With the Light: Raising An Autistic Child by Keiko Tobe
Published by Yen Press/Orbit, October 2007
Review by Mark Yon / Hobbit
OK: Manga. What images does that word create?
Images of biologically impossible physical feats, computer super-brains, cybernetically or anatomically enhanced young people (usually female), mega-weapons and all-out Armageddon spring to mind?
However, those who know a little about the topic (which I admit, I am not one) will tell you that in Japan there are as many types of manga as there are genres in fiction. Not all manga is like the suggestions given above, though outside Japan, to be fair, such a broad range is less common.
Sales outside Japan though are on the rise. I understand that the TokyoPop imprint has been very successful, for one, not to mention the Ghost in the Shell and the Akira series for another.
Here though, from a new imprint, we have a very different novel in a graphic format.
With the Light (published as Hikari to Tomoni in Japan) tells the contemporary story of a young mother, Sachiko Azuma, whose first child is born as the sun is rising. For that reason he is named Hikaru (meaning ‘to be bright’ or ‘light’ in Japanese.) All is initially well, though there are soon signs that Hikaru is not the same as other children – seemingly quiet and inward-looking, disengaged from events around him, becoming upset at things that do not normally upset young children and not upset at the things that do.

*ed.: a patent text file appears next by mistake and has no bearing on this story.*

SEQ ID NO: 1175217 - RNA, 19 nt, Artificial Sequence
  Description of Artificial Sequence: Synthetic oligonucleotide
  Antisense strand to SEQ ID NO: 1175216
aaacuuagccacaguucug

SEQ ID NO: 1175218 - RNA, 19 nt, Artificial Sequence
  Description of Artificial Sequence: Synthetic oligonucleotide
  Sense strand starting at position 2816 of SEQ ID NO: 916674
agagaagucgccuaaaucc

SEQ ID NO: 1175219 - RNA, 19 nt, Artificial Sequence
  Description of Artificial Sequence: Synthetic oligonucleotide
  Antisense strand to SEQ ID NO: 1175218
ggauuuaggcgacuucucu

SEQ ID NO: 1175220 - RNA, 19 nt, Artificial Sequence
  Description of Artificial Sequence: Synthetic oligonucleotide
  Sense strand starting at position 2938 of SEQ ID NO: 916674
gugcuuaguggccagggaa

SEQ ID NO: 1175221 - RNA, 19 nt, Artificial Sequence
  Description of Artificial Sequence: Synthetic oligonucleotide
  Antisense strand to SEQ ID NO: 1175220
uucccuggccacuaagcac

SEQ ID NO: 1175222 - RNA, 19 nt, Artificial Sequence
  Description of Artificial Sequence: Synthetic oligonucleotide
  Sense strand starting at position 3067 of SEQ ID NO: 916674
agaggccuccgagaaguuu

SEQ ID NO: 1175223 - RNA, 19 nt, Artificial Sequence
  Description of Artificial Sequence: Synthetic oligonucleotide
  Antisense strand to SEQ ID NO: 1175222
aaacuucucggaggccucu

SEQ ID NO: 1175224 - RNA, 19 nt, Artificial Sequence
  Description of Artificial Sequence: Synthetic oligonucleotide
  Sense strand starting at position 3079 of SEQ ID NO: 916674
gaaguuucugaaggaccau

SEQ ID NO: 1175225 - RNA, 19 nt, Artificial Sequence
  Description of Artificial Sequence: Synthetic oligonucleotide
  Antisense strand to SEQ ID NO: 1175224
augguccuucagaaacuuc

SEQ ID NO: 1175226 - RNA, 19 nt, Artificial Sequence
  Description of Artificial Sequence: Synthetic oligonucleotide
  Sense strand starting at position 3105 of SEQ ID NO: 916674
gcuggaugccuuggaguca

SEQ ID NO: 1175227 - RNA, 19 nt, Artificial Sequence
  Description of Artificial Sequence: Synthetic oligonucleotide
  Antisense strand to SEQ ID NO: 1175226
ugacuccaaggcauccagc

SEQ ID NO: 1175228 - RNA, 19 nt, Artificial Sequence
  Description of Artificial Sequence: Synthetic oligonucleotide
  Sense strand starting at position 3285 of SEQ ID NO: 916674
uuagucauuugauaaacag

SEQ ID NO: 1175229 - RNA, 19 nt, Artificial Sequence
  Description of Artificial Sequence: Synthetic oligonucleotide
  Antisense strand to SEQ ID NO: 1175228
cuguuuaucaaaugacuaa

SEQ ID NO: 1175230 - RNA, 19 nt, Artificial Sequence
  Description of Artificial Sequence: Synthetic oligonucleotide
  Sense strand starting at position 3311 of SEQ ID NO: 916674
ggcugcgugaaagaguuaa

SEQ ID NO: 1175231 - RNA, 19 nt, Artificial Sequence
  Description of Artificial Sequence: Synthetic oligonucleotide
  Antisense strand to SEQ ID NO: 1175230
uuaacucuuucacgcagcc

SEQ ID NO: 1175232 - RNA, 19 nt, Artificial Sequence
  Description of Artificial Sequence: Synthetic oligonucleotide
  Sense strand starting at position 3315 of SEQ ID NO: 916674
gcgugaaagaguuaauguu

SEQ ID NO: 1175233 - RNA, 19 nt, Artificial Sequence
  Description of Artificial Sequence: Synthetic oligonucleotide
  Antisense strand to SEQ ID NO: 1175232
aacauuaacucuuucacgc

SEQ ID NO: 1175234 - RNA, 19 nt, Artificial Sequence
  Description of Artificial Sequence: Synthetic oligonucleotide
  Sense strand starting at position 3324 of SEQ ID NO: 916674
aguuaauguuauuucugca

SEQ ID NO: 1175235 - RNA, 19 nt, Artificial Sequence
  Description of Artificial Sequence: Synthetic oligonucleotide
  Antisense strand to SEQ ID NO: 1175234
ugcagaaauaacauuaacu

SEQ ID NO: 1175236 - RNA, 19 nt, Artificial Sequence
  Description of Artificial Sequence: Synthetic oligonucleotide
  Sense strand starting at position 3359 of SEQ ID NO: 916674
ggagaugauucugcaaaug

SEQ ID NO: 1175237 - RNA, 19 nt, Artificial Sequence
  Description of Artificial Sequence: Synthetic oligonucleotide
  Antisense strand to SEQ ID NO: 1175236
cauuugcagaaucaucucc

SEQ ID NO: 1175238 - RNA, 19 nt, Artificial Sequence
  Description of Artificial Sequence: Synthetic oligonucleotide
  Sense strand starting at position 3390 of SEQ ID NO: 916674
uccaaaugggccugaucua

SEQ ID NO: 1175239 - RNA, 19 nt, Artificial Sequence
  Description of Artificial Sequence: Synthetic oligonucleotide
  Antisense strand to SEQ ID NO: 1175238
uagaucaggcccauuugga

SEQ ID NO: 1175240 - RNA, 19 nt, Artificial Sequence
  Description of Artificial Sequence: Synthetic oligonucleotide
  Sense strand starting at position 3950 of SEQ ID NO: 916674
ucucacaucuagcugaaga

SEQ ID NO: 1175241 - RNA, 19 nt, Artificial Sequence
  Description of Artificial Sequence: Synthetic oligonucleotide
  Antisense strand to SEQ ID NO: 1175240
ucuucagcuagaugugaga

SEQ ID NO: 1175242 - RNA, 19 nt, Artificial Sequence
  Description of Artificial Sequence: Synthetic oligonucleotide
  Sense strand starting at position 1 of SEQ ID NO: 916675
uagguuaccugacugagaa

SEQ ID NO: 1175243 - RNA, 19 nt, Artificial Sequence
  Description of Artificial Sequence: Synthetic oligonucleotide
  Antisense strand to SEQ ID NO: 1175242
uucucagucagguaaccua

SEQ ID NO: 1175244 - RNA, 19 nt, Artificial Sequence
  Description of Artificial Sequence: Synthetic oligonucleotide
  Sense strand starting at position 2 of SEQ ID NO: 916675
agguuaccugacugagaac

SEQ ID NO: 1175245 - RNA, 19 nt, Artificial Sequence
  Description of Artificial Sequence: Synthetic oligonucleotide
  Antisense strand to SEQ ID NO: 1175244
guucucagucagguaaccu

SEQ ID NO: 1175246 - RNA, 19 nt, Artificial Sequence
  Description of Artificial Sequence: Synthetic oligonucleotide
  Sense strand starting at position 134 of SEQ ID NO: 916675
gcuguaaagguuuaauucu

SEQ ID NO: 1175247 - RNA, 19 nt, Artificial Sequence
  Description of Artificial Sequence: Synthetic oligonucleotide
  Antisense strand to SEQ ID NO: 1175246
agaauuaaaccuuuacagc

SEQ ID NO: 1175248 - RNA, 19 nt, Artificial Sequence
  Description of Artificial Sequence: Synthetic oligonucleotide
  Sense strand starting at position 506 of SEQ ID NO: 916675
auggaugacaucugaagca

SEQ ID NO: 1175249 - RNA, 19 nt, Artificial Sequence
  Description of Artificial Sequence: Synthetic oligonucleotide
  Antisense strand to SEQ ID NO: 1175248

At about one and a half years old, Hikaru is tested for deafness, though eventually it is realised that he is not deaf but autistic. The majority of this book is about how Sachiko and her husband deal with this issue, helping Hikaru cope and showing the consequences of the Azuma family learning to survive and adjust to a new situation as Hikaru goes through his early years.
There are no robots, no spaceships, no mega-battles here. Instead there is a gentle, sometimes humorous, often sad, story of human emotions and relationships. I realise that this is not the usual item for an SFF site to review, but it is stunning. The story is sympathetic to the situation and though in places it can be a little mawkish for some, it examines many aspects of the real world through the comic medium, as does the best comic book or novel.
It is also a major tome: 528 pages of graphic novel, produced by Yen Press in the Japanese reading format (back page to front page, right to left on the page) yet with a scrupulous translation from the Japanese into an engaging and readable English version. Once I got used to the format I read it very quickly. I read it in two major sittings.
This book surprised me a great deal on a number of levels, as I might expect it will others. It has depth and detail, light and shade, humour and pathos. Putting my cards on the table, as the father of a boy diagnosed with Asperger’s Syndrome, it was at times an uncomfortable read, though the events examined were pretty realistic and clearly relatable to from my experience. In a wider less personal context, it examines the issues that many parents have had to face in an increasingly common situation, as well as the actions and attitudes of those around the family involved. With such a common bond, ultimately, whilst not a self-help guide, this book made me aware that dealing with autistic children is an experience that crosses international boundaries.
In summary then, an impressive and very moving read, and one therefore that may be worthy of your attention. For those manga fans looking for something a little different, or perhaps wanting to show that manga is not always what the outsider’s perceptions imagine it to be, the book makes an interesting counterpoint to those who read and enjoyed Elizabeth Moon’s The Speed of Dark (another book written based on autistic experiences.) This is an unusual book from a new publisher of manga. Though the rest of its proposed publishing may be more traditional, this is an interesting start. Recommended.
Mark Yon / Hobbit, October 2007
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